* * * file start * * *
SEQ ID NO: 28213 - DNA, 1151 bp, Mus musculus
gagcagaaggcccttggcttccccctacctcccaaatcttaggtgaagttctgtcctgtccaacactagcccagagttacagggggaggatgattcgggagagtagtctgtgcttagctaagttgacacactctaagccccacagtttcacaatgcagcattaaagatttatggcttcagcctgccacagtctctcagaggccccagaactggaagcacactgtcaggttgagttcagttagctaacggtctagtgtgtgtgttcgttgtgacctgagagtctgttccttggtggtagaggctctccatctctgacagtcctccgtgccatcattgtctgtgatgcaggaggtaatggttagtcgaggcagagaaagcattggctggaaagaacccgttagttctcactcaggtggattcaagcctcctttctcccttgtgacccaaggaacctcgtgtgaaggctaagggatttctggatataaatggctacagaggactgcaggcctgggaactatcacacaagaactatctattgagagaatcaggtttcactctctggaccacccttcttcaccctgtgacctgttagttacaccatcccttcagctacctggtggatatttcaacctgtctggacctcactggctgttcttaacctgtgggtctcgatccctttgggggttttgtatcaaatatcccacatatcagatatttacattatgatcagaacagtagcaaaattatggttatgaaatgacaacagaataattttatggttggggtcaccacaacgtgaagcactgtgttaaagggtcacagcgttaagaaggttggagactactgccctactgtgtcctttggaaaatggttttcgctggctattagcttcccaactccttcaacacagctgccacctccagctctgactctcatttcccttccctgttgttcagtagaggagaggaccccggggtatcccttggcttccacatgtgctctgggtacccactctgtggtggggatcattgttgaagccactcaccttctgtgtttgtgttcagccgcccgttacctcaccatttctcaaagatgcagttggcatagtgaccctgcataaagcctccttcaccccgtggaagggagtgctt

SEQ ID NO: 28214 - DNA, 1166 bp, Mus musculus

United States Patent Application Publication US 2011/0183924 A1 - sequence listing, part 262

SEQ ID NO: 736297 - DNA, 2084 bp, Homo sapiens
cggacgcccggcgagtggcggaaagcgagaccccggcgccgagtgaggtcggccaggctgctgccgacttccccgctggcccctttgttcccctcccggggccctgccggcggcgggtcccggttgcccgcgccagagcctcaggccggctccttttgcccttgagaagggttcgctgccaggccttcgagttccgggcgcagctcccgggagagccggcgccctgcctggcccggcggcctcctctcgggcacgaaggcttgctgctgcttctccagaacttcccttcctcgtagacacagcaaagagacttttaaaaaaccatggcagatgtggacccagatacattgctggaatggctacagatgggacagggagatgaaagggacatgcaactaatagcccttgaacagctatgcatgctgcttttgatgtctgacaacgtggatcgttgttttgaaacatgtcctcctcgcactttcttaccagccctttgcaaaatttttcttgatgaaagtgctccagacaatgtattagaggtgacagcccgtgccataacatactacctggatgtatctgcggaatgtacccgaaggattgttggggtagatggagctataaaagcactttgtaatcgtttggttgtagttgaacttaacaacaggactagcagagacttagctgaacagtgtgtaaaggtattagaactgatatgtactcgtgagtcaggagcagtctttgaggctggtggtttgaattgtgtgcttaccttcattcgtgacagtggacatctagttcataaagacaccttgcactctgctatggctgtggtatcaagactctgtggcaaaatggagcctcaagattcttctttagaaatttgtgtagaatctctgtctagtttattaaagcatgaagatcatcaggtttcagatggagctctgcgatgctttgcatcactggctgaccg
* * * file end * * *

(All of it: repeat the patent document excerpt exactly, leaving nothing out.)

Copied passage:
SEQ ID NO: 28213 - DNA, 1151 bp, Mus musculus
gagcagaaggcccttggcttccccctacctcccaaatcttaggtgaagttctgtcctgtccaacactagcccagagttacagggggaggatgattcgggagagtagtctgtgcttagctaagttgacacactctaagccccacagtttcacaatgcagcattaaagatttatggcttcagcctgccacagtctctcagaggccccagaactggaagcacactgtcaggttgagttcagttagctaacggtctagtgtgtgtgttcgttgtgacctgagagtctgttccttggtggtagaggctctccatctctgacagtcctccgtgccatcattgtctgtgatgcaggaggtaatggttagtcgaggcagagaaagcattggctggaaagaacccgttagttctcactcaggtggattcaagcctcctttctcccttgtgacccaaggaacctcgtgtgaaggctaagggatttctggatataaatggctacagaggactgcaggcctgggaactatcacacaagaactatctattgagagaatcaggtttcactctctggaccacccttcttcaccctgtgacctgttagttacaccatcccttcagctacctggtggatatttcaacctgtctggacctcactggctgttcttaacctgtgggtctcgatccctttgggggttttgtatcaaatatcccacatatcagatatttacattatgatcagaacagtagcaaaattatggttatgaaatgacaacagaataattttatggttggggtcaccacaacgtgaagcactgtgttaaagggtcacagcgttaagaaggttggagactactgccctactgtgtcctttggaaaatggttttcgctggctattagcttcccaactccttcaacacagctgccacctccagctctgactctcatttcccttccctgttgttcagtagaggagaggaccccggggtatcccttggcttccacatgtgctctgggtacccactctgtggtggggatcattgttgaagccactcaccttctgtgtttgtgttcagccgcccgttacctcaccatttctcaaagatgcagttggcatagtgaccctgcataaagcctccttcaccccgtggaagggagtgctt

SEQ ID NO: 28214 - DNA, 1166 bp, Mus musculus

United States Patent Application Publication US 2011/0183924 A1 - sequence listing, part 262

SEQ ID NO: 736297 - DNA, 2084 bp, Homo sapiens
cggacgcccggcgagtggcggaaagcgagaccccggcgccgagtgaggtcggccaggctgctgccgacttccccgctggcccctttgttcccctcccggggccctgccggcggcgggtcccggttgcccgcgccagagcctcaggccggctccttttgcccttgagaagggttcgctgccaggccttcgagttccgggcgcagctcccgggagagccggcgccctgcctggcccggcggcctcctctcgggcacgaaggcttgctgctgcttctccagaacttcccttcctcgtagacacagcaaagagacttttaaaaaaccatggcagatgtggacccagatacattgctggaatggctacagatgggacagggagatgaaagggacatgcaactaatagcccttgaacagctatgcatgctgcttttgatgtctgacaacgtggatcgttgttttgaaacatgtcctcctcgcactttcttaccagccctttgcaaaatttttcttgatgaaagtgctccagacaatgtattagaggtgacagcccgtgccataacatactacctggatgtatctgcggaatgtacccgaaggattgttggggtagatggagctataaaagcactttgtaatcgtttggttgtagttgaacttaacaacaggactagcagagacttagctgaacagtgtgtaaaggtattagaactgatatgtactcgtgagtcaggagcagtctttgaggctggtggtttgaattgtgtgcttaccttcattcgtgacagtggacatctagttcataaagacaccttgcactctgctatggctgtggtatcaagactctgtggcaaaatggagcctcaagattcttctttagaaatttgtgtagaatctctgtctagtttattaaagcatgaagatcatcaggtttcagatggagctctgcgatgctttgcatcactggctgaccg